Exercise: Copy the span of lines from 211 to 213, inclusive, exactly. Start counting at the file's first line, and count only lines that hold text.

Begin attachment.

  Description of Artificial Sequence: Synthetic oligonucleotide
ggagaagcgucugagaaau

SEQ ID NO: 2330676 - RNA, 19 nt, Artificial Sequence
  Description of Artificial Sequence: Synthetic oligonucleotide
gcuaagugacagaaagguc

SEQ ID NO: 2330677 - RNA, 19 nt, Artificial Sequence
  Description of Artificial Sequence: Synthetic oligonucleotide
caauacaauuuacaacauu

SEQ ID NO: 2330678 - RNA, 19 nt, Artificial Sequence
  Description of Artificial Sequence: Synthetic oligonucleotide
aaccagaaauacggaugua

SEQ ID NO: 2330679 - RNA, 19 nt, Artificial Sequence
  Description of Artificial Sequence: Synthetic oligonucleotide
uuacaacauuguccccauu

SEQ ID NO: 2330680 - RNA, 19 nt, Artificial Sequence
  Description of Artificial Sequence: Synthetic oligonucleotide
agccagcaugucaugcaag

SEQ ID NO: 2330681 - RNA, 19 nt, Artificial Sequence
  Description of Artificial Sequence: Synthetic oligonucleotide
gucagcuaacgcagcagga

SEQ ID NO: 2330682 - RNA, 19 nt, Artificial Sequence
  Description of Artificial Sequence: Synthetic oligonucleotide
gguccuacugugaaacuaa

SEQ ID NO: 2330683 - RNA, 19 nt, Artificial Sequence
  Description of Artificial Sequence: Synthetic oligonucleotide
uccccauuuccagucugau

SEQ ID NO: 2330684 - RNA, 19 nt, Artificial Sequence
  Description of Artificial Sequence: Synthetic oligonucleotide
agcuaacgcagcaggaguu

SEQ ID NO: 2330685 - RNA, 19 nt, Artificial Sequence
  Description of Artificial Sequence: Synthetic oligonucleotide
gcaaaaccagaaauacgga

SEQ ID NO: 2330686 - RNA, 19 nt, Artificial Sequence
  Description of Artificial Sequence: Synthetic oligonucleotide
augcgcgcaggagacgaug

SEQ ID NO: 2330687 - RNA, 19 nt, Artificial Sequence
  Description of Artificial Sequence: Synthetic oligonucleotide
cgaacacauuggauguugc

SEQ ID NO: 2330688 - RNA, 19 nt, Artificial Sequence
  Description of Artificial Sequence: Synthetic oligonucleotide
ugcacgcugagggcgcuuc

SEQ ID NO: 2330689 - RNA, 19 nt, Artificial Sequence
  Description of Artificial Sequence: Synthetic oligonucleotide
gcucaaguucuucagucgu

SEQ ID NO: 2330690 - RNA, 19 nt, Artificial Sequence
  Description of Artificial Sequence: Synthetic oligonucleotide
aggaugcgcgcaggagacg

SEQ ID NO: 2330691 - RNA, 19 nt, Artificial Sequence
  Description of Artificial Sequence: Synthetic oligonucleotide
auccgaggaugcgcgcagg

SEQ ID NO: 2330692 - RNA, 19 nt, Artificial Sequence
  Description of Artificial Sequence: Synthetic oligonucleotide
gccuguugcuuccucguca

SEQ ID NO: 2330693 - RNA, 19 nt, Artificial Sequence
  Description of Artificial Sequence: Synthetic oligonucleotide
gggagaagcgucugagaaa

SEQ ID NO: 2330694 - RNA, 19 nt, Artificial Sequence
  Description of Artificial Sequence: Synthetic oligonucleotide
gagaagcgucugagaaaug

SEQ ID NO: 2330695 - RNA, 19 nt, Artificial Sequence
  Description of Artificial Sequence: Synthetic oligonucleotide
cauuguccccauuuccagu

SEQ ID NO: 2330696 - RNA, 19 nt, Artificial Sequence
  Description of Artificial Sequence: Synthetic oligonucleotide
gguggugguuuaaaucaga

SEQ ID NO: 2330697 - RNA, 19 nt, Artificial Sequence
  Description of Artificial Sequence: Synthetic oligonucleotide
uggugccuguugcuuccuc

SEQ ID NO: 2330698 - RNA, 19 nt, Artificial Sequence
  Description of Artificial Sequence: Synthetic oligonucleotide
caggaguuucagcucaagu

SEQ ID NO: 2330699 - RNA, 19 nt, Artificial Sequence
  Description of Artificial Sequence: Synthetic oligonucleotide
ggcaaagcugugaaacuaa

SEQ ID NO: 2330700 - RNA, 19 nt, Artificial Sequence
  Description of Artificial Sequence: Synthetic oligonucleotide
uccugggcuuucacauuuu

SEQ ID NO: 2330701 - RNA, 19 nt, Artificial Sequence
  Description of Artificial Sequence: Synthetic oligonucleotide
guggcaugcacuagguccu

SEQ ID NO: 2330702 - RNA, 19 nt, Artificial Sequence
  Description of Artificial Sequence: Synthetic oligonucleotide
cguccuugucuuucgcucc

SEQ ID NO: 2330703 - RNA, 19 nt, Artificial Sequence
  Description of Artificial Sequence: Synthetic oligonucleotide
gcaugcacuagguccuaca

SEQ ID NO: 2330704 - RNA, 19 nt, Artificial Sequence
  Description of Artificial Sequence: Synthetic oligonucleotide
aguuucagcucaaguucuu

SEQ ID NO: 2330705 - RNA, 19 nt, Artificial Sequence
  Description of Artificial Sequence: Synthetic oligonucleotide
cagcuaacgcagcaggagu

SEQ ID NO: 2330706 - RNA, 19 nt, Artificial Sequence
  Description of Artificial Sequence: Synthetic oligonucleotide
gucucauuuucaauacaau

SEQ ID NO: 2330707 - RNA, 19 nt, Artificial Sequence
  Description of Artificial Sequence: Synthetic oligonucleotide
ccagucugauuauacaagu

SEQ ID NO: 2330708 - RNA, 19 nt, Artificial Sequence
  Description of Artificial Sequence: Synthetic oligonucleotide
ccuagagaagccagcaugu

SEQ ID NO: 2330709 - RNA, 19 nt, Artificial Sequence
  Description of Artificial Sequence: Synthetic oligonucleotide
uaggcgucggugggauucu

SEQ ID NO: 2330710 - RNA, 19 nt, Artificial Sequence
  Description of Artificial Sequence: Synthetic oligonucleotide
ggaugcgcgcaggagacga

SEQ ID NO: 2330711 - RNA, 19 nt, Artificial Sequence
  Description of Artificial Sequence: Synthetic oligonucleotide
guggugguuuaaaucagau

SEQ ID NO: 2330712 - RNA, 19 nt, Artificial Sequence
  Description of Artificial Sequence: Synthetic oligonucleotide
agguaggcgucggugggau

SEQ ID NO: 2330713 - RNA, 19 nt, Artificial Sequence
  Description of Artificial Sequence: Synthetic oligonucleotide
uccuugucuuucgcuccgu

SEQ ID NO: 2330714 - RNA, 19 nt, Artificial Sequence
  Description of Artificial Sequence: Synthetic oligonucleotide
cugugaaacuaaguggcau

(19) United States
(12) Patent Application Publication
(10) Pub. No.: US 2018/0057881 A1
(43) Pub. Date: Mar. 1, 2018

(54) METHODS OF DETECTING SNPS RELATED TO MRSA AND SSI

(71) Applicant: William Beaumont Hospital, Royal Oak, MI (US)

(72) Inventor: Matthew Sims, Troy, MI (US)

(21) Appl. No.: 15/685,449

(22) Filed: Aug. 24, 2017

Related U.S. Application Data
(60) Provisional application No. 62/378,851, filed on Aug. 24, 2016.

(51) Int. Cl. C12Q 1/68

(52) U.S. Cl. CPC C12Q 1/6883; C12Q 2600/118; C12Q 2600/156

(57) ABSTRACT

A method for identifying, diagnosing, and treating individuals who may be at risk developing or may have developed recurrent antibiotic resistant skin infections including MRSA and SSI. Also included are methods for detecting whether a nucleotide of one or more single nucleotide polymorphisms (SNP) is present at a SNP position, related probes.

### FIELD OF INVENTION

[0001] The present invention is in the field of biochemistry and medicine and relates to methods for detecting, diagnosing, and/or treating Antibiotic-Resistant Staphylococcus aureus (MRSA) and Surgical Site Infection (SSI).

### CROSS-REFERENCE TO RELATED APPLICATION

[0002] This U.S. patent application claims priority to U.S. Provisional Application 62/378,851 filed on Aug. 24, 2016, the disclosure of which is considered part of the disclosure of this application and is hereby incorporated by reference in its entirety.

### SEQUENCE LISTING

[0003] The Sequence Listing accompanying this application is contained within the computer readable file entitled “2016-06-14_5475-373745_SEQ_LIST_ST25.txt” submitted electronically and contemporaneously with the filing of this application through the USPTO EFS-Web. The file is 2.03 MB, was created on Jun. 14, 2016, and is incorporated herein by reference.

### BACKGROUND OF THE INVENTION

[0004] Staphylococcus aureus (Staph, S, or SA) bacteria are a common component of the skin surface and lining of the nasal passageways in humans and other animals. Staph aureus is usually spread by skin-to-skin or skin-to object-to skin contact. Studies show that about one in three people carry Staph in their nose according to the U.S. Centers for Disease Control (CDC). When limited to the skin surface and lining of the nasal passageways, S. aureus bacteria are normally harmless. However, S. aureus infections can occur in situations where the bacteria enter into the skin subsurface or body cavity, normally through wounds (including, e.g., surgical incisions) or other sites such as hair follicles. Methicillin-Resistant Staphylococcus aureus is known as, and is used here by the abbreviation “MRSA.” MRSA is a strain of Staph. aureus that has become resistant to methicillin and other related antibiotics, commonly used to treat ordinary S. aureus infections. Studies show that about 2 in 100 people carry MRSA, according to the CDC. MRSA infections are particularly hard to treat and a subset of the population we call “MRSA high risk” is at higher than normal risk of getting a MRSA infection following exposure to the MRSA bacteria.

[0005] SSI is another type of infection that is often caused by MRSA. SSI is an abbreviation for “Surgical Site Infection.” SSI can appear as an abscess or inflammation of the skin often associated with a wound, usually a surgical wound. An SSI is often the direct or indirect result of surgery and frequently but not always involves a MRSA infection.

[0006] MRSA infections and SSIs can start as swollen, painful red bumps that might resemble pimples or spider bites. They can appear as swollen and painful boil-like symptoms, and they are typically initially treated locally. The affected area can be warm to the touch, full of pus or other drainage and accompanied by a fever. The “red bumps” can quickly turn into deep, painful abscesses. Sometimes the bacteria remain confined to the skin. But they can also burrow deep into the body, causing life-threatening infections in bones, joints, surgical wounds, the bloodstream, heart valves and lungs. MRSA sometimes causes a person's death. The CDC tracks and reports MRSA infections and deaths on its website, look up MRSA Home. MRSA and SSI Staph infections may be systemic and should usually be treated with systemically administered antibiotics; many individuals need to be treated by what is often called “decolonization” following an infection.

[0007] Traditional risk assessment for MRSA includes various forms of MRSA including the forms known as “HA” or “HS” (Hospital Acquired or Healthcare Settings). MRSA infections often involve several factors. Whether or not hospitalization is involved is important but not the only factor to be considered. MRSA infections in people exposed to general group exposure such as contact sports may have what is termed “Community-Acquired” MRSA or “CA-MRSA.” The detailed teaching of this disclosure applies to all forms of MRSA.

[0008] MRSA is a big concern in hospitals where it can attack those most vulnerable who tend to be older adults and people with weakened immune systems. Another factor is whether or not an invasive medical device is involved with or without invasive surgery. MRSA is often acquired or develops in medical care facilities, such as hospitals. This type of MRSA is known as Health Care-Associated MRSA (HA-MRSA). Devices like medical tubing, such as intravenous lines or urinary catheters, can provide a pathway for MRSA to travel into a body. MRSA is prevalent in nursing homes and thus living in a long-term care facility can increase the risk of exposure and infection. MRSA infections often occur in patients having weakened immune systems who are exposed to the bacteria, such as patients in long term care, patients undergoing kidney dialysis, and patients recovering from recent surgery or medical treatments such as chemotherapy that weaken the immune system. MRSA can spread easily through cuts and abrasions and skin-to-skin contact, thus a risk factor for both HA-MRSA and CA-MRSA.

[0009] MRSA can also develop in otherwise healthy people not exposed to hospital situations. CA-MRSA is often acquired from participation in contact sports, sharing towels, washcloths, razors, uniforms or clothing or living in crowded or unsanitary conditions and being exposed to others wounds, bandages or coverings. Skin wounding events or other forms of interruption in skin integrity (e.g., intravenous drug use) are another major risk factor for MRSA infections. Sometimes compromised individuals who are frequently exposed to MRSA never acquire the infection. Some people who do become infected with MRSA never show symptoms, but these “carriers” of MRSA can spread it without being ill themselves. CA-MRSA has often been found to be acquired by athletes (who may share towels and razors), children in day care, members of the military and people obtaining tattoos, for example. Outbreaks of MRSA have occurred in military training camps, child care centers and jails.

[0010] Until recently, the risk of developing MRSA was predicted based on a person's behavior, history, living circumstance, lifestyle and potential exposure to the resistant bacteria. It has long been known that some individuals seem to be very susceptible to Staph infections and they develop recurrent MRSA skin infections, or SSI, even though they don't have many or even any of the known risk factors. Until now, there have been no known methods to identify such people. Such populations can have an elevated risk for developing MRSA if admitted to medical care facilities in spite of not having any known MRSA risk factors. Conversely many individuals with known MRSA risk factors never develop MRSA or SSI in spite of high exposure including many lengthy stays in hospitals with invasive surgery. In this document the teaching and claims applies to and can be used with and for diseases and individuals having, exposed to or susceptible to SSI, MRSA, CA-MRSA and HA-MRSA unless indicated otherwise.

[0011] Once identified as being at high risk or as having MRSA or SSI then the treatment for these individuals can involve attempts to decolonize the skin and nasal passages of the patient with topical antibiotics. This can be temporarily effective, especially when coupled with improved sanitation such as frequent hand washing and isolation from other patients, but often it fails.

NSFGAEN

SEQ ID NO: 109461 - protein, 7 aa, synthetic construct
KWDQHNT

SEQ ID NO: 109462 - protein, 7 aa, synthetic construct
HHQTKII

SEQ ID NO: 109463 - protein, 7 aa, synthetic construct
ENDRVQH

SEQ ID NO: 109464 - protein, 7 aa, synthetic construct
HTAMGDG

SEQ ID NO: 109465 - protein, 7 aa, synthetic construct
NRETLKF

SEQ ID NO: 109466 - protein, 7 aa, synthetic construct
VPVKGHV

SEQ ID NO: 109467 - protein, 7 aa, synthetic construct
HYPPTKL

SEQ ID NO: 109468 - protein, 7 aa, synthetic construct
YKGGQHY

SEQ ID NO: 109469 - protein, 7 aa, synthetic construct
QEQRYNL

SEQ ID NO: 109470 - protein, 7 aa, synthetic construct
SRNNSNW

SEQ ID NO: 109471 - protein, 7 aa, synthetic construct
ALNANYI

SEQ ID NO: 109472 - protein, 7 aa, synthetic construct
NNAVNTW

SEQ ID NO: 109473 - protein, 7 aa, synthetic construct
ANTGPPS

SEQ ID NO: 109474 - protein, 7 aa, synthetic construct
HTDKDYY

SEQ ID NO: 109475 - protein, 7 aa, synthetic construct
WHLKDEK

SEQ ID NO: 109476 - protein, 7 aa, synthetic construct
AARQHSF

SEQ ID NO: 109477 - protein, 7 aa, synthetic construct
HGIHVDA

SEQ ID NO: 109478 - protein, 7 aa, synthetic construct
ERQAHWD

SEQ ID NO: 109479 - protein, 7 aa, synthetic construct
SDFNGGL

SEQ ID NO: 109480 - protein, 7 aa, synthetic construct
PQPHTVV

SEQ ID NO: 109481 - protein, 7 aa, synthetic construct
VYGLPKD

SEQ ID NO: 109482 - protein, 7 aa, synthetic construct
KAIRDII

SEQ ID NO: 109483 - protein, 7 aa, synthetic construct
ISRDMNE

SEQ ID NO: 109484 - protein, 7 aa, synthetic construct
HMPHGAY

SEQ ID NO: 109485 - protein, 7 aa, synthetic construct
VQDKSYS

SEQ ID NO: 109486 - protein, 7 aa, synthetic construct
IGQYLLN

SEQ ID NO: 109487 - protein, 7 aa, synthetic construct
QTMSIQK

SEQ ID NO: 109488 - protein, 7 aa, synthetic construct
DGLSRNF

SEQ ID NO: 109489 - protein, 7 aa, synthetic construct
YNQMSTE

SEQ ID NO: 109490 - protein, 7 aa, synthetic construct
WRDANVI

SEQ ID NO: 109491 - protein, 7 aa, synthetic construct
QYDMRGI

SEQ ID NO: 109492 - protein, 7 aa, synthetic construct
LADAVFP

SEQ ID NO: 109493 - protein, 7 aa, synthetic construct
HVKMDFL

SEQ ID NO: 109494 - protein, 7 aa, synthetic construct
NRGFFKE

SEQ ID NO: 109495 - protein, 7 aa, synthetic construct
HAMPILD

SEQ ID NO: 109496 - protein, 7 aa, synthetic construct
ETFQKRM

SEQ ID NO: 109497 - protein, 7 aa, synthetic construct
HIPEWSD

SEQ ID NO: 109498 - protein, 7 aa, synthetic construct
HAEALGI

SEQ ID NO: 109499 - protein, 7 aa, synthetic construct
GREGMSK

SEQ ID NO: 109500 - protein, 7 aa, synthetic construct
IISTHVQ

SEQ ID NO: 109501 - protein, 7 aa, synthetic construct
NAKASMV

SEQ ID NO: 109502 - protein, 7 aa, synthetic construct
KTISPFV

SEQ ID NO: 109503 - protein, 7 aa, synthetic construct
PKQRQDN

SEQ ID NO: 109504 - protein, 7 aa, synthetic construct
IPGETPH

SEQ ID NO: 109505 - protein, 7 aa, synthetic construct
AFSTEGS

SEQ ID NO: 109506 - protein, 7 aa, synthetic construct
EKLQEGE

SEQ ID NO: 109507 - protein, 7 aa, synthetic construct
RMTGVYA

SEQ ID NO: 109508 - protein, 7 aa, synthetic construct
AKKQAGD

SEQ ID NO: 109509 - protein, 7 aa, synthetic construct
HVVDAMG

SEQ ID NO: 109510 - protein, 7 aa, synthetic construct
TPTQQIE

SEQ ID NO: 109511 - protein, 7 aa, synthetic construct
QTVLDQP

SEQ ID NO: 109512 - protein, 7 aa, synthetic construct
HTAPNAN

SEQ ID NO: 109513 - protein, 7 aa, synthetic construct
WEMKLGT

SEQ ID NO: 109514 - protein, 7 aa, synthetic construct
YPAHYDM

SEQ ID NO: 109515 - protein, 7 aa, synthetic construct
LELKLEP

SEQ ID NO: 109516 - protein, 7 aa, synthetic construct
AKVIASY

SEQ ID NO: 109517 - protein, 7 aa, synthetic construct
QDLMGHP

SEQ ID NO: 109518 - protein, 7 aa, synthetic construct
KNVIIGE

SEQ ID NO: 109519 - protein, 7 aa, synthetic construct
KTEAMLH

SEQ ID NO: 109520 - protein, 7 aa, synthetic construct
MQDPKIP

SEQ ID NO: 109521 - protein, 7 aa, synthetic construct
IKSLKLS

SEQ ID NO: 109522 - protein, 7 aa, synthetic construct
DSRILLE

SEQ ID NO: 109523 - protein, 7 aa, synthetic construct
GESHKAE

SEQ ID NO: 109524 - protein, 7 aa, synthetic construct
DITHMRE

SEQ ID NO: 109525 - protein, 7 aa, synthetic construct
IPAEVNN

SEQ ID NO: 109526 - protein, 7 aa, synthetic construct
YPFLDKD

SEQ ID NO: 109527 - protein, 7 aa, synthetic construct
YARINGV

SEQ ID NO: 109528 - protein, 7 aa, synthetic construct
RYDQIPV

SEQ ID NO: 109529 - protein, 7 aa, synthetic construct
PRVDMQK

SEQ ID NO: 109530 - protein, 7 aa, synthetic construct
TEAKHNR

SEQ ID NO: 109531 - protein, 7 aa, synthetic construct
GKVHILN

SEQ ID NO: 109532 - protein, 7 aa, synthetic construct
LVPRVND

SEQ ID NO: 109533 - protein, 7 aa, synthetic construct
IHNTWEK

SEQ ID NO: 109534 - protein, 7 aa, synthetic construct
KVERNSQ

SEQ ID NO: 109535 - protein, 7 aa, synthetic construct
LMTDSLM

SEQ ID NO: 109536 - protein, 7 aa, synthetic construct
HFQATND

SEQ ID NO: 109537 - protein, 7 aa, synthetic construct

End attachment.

SEQ ID NO: 109491 - protein, 7 aa, synthetic construct
QYDMRGI

SEQ ID NO: 109492 - protein, 7 aa, synthetic construct